As technology advances in the dental world, better options become widely available to patients who might not have been able to replace missing teeth in the past. One of these new developments is called a dental implant, and they are becoming popular quickly.
What Is A Dental Implant and Why Are They Used?
A dental implant is a titanium screw that’s inserted into a patient’s jaw once a tooth has been removed. For some, it is to replace a single missing tooth, but multiple dental implants can be used to replace many missing teeth at once or over time, depending on the patient’s needs. For those replacing only one tooth, or one at a time, a small post is inserted and a dental crown is placed on top of the implant itself. When replacing more than one tooth, a bridge can be fitted onto more than one implant. Regardless of how many teeth a patient needs to replace, dental implants are sturdier and much more secure when compared to other replacement options.
Why Are Dental Implants Becoming So Popular?
There are actually several reasons why so many patients are turning to dental implants for replacing their missing teeth or teeth that cannot be saved.
For Individual Missing Teeth
Many patients find themselves with a tooth so decayed or broken that simple restorative dental work — fillings, crowns, root canals, etc — cannot save the tooth, and that it needs to be removed before an infection starts to spread. Before dental implants were an option, dentists would have to use dental bridges to replace even a single missing tooth, which is not ideal.
A dental bridge requires two existing teeth to hold onto on both ends, meaning they need to be ground down – or “prepped” – considerably to ensure the bridge fits. This is great if the surrounding teeth already are in need of restorative dental work. If they aren’t, though, prepping healthy teeth just means you are losing two more teeth in the long run.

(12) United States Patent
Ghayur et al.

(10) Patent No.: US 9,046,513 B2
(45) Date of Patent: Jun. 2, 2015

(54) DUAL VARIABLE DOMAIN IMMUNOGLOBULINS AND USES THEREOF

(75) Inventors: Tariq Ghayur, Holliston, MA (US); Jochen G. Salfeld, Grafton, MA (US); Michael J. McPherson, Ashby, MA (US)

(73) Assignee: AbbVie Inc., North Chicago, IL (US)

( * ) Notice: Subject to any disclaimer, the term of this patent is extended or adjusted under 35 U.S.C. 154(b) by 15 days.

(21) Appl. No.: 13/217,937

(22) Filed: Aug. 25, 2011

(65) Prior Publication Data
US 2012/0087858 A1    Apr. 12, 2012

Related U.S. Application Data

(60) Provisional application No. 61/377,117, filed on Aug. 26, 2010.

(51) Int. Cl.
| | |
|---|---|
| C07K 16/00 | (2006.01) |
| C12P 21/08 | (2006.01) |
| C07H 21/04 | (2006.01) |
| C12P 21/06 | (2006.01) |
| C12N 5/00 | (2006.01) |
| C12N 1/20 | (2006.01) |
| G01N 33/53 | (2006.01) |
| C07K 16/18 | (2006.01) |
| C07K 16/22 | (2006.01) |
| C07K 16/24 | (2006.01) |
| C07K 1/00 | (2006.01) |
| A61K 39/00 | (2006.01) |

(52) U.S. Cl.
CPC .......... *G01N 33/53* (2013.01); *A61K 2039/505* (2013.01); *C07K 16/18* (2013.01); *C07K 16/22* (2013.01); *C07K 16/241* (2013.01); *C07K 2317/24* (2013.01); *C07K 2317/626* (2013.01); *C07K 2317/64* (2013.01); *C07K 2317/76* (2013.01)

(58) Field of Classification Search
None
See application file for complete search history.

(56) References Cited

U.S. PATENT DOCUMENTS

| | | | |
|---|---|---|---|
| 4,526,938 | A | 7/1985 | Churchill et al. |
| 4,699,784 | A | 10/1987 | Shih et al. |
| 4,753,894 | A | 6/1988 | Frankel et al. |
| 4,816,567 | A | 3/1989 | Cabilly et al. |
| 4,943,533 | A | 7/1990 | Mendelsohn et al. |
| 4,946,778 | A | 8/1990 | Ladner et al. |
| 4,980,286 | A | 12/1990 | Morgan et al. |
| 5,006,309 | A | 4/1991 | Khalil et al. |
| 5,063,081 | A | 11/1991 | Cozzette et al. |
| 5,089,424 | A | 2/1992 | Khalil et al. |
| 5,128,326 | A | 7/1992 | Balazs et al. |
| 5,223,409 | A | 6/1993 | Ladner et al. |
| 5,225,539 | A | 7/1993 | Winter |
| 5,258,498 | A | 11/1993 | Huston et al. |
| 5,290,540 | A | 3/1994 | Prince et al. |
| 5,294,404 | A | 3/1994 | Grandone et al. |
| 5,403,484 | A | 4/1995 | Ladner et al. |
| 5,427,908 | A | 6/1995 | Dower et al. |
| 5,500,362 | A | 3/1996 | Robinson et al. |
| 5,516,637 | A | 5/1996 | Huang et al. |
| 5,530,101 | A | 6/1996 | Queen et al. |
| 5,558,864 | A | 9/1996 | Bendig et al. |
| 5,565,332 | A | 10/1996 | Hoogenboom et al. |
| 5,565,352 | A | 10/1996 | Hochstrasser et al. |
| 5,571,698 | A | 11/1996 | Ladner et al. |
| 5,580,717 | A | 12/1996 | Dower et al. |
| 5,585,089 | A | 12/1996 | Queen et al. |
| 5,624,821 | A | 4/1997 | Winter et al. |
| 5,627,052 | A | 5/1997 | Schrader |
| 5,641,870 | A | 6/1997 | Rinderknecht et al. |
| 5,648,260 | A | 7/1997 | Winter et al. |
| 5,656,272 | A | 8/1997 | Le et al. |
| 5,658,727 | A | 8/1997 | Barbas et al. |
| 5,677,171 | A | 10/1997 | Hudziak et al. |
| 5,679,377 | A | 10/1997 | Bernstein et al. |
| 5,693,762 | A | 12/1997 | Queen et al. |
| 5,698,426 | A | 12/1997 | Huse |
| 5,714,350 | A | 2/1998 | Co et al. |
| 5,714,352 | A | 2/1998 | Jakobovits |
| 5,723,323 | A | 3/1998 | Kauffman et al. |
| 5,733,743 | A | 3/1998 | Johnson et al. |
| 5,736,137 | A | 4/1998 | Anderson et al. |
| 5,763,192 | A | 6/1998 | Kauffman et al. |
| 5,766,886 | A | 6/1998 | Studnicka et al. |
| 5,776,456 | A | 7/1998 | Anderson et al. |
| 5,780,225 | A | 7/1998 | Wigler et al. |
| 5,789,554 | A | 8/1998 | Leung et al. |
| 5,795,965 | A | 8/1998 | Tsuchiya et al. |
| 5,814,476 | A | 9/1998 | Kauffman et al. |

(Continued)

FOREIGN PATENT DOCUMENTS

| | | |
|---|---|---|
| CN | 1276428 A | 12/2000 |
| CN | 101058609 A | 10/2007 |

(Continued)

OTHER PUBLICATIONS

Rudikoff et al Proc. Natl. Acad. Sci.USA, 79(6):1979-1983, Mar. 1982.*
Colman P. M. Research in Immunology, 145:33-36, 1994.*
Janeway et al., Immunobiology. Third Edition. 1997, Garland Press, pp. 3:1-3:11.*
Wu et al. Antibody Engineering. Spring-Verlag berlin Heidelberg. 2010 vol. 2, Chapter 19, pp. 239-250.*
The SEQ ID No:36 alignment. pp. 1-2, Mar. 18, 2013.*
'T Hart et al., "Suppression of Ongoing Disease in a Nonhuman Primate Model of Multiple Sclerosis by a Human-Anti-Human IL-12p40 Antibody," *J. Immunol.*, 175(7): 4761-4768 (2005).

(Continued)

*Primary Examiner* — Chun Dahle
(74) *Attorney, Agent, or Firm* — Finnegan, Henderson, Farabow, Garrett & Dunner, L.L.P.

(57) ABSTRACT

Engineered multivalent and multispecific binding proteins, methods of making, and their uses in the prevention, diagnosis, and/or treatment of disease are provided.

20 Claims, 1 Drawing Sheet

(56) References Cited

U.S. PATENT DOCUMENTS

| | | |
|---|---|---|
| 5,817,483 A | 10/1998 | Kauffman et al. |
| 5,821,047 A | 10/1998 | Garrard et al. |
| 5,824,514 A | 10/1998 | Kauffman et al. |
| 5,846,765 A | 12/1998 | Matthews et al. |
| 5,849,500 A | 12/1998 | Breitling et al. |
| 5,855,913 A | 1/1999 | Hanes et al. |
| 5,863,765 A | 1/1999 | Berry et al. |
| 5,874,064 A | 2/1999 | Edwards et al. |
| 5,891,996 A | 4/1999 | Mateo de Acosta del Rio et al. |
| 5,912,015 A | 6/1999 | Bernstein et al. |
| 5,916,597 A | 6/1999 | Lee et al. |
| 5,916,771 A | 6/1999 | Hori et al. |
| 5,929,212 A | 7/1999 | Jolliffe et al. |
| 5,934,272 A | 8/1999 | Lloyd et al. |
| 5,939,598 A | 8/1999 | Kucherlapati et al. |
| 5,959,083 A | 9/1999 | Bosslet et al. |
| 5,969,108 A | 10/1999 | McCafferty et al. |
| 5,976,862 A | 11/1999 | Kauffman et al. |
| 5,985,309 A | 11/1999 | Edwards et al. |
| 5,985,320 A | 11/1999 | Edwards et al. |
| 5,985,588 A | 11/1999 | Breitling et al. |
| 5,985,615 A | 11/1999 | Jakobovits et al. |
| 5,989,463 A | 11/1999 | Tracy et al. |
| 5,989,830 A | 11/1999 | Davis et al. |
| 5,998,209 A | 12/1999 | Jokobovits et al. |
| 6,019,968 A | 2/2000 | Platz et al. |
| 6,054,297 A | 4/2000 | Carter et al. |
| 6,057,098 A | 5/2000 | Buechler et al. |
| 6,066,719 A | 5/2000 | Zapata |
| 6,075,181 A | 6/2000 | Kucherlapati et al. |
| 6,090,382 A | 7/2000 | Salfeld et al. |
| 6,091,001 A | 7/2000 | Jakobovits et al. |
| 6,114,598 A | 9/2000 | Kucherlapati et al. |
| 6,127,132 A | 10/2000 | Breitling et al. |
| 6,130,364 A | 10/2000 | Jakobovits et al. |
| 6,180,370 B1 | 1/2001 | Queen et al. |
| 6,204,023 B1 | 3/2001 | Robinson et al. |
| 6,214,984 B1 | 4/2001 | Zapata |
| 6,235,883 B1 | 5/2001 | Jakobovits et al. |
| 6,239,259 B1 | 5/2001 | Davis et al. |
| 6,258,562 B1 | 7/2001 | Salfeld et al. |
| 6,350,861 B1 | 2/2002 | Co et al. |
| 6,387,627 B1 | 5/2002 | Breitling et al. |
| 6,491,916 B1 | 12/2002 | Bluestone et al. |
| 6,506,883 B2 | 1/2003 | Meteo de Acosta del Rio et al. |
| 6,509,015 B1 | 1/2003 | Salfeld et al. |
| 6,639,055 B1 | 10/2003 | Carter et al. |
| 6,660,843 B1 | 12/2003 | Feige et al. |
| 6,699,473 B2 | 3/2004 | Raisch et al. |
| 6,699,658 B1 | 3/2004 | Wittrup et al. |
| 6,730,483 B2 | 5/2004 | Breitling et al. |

Dental bridges need to be cleaned more thoroughly than individual teeth to guarantee success and also only have a lifespan of 8 to 12 years on average. Also, if something ends up happening to one of the anchoring teeth such as trauma or decay from not taking good care of it, the entire bridge will need to be replaced, if even possible. A dental bridge can replace a few missing teeth, but any more than 4 is too risky. This means if you choose to replace one tooth with a three tooth bridge and that fails, you now have to replace all three of those teeth, which means a five tooth bridge.
For single missing teeth, a dental implant only involves the missing tooth and no others. It also has a much longer lifespan and shouldn’t need replacing unless the patient doesn’t care for it at all.
Predictability and Appearance
As stated above, a single dental implant properly taken care of can last the lifetime of the patient. Over the last 20 years, use of dental implants has proven they are extremely predictable and last much longer than other dental restorative work. They cannot get cavities, and the only way one can fall out of place is if the patient suffers from extreme bone loss, something that is caught and fixed early on as long as they stick to their regular check-ups.
Dental implants are also made to be very aesthetically pleasing as they look identical to natural teeth. Using an all porcelain crown instead of ones with metal in them creates the appearance of a healthy, unrestored tooth. The dentist placing the crown will make sure they take a shade of the surrounding teeth before starting the crown so the dental laboratory can match the shade of the implant crown perfectly, causing the dental implant to be nearly impossible to recognize once completed.
For Patients Replacing Multiple Teeth
Because dental implants are so sturdy, they are successfully used to stabilize dental bridges. An implant-supported bridge is a dental bridge that uses dental implants to make them more stable and secure, thus lengthening the bridge’s lifespan.
Who Places the Dental Implant?
Many patients ask us about advertisements by other dentists claiming to place their own implants. At Madison Family Dental, it is strongly believed that dental implant placement requires significant skill and training. Oral surgeons such as those that we refer our patients to have had at minimum an additional four to five years of training in performing surgery in the mouth such as placing dental implants. Those general dentists who advertise that they place their own dental implants only have a few weekend classes about placing dental implants under their belts.